Crusted Lemon Tofu

A simple marinade for tofu that has a bright and fresh lemony flavor. Pan frying the pressed tofu in arrowroot flour creates a crispy outside that is so tender on the inside. This recipe can be used year round with a side of any vegetable of your choice forming a complete meal. You also might want to check out a blog post I wrote a little while back on how to successfully press tofu so that you always have a fabulous tofu.


2 blocks extra firm tofu, pressed and drained
1 tablespoon brown rice vinegar
1 tablespoon agave
½ tsp sea salt
½ tsp ground black pepper
1 cup arrowroot powder, for dredging
2 tablespoon neutral tasting oil (refined coconut or canola preferred)

Sauce Ingredients

½ cup vegetable broth
1/3 cup fresh lemon juice
1 tablespoon agave
2 tablespoon sesame oil 

1 inch knob finely grated ginger
1 tablespoon arrowroot powder, diluted with 1 ½ tablespoon water
2-3 sliced lemon wedges, for serving

Toasted Sesame Seeds, for serving


  1. Press the tofu over a rack for about 10 minutes, or check out this product I reviewed on pressing tofu, which I now use regularly.
  2.  Slice into about ¼ inch thick strips. Drizzle the strips with the rice vinegar and agave and sprinkle with sea salt and pepper. Allow the marinate to coat the tofu for 10-30 minutes.
  3. While the tofu is marinating, create your lemon sauce by combining all ingredients except arrowroot and water in a sauce pan. Heat for approximately 3 minutes and add arrowroot slurry. Whisk and cook for only one additional minute. Set aside, covered to keep warm.
  4. Pre-heat a large skillet and add the oil.
  5. Place 1 cup arrowroot powder in a large dish and dredge each piece of the tofu in the arrowroot.
  6. Sauté coated tofu on each side for approximately 3 minutes, or until the tofu is golden.
  7. When the tofu is finished, place on platter and top with lemon sauce. Sprinkle with toasted sesame seeds and lemon wedges.

Zucchini & Carrot with Tofu in a Coconut sauce

A few years ago, I went to Costa Rica’s Vista Del Valle (View of the Valley). It’s a lush self-sustaining hotel that grows its own produce, has an estuary, tropical birds and a butterfly garden pitched atop a mountain that is carved into the tropical forest. Below you will find some of the photos from our trip. The restaurant uses all the produce that grows in the forest, creating surprising dishes from Earth gifts. The head chef there served this dish to me from El Rosario, Costa Rica who graciously shared this simple and outstanding Zucchini & Carrot with Tofu in Coconut Sauce. I decided to post it now, because I just got some fall carrots from my CSA and had some zucchini to throw in. At the bottom of this post you will find directions on how to purchase tofu and make it taste outstanding.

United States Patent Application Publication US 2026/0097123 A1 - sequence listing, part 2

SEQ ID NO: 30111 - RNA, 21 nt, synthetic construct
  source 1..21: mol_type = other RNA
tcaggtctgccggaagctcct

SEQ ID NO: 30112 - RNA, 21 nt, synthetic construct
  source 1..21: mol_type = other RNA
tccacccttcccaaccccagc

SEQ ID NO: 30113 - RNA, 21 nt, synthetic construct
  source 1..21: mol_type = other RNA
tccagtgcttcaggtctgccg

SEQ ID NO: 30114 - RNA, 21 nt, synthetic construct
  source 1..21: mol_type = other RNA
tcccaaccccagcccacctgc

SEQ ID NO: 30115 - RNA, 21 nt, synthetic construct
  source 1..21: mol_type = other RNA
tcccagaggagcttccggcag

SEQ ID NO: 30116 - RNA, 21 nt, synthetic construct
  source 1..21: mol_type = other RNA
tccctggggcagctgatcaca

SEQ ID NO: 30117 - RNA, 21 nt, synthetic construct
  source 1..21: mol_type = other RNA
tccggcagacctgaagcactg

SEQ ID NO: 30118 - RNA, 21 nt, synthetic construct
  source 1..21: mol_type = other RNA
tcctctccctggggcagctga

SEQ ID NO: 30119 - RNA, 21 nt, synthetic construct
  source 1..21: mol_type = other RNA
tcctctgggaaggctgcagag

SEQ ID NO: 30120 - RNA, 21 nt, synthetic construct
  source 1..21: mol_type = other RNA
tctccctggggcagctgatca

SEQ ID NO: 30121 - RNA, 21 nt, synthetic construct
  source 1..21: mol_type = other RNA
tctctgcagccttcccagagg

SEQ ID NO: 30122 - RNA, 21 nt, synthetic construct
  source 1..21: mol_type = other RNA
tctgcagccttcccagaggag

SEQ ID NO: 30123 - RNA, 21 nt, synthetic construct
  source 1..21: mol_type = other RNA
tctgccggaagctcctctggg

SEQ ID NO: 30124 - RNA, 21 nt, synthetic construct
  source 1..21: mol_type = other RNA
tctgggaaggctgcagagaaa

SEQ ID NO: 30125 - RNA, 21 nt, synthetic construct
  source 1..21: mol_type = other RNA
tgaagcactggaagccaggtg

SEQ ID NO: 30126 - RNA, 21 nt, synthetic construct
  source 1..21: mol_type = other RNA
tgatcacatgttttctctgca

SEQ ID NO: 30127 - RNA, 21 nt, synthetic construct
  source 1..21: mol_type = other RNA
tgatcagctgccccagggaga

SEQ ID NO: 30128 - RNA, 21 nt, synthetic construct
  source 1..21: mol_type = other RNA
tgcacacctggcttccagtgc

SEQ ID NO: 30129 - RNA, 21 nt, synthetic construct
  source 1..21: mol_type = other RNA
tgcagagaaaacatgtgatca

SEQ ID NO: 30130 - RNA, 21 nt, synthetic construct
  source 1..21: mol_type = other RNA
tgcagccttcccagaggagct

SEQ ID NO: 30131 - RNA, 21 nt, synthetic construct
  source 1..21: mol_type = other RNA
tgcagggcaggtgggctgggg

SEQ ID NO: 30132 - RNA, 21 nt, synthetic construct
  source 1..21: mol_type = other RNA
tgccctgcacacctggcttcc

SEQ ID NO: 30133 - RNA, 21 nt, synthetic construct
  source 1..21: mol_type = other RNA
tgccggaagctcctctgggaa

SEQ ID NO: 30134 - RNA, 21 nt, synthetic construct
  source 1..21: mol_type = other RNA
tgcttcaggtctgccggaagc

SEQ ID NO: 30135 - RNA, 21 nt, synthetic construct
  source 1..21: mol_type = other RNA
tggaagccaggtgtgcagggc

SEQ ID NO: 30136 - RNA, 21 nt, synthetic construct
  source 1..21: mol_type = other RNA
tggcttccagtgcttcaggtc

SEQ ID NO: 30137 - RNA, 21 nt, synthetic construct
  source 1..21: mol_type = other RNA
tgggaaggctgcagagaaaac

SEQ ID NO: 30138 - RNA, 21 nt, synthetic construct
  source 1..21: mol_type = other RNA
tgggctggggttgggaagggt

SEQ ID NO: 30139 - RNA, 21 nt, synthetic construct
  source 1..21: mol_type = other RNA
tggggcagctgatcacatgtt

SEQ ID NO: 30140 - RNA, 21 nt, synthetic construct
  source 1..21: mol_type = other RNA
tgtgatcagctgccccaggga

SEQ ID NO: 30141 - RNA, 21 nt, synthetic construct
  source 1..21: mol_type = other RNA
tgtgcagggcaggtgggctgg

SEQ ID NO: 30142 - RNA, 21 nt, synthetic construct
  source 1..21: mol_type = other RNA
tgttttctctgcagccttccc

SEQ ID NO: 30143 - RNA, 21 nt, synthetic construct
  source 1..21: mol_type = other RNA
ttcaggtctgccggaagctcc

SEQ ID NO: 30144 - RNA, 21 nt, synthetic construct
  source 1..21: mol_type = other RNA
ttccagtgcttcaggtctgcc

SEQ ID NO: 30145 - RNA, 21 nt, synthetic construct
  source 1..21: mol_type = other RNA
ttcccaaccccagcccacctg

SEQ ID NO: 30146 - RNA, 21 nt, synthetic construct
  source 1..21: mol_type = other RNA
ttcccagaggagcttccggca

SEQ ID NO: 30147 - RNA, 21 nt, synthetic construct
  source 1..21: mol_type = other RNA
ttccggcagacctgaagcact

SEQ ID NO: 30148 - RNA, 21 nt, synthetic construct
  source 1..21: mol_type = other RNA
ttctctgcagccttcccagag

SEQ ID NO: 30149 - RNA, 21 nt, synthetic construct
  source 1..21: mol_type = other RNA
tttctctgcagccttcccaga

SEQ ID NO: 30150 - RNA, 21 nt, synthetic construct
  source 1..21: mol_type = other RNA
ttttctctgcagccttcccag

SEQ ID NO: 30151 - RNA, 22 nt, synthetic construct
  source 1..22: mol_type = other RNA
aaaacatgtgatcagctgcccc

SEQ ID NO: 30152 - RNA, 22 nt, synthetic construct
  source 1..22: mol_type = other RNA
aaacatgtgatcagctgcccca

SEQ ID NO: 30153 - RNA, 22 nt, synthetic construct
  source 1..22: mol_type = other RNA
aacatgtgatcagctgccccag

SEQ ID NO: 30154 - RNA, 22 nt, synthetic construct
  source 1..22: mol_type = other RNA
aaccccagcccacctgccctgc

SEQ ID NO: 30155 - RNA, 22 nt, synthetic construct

Race Horses flown in from Spain
Outdoor restaurant overlooking the lush mountains. Even the tables are made from the trees that fall in the forest.

Zucchini & Carrot with Tofu in Coconut Sauce

Follow post to the bottom where I make suggestions on how to purchase and make tofu taste great.
Serve this dish over jasmine rice and garnish with some fresh basil for a beautiful presentation.

 Serves 4


3 tablespoons canola oil
1 (16 ounce) package of firm tofu, pressed and drained (click on link for directions) and cut into 1 inch cubes
1 medium onion
3 carrots, julienned
2 zucchinis, trimmed and julienned
½ cup Coconut Milk 
½ teaspoon red pepper
1-teaspoon sea salt
Brown Jasmine Rice or your favorite rice
, for serving
  1. Preheat that skillet over high heat. Add about 2 tablespoons of oil. Spread over the surface of the pan. Pat the tofu dry one more time and put it in the skillet it in a single layer, with plenty of room around each piece. Don’t crowd the pan, or the heat will drop too much and the tofu will steam, not brown. You will probably need to do this in two batches if it’s too crowded. Cook on one side until it is deeply golden brown, then flip. If you are doing cubes, it becomes impractical to get all sides of every piece, so instead you’ll just toss them every minute or so and hope to get most of them.  When both sides are done, remove to a plate.
  2.  In the same skillet, heat remaining oil over medium-high heat. Sauté the onion, stirring and shaking the pan, for about 7 minutes or until it just begins to turn translucent. Add the carrots and sprinkle with salt so that the carrots will sweat. Cook, stirring often for 5 minutes. Then add the zucchini and stir to combine with all the other ingredients. Cover the skillet, reduce the heat and let simmer for another 5 minutes.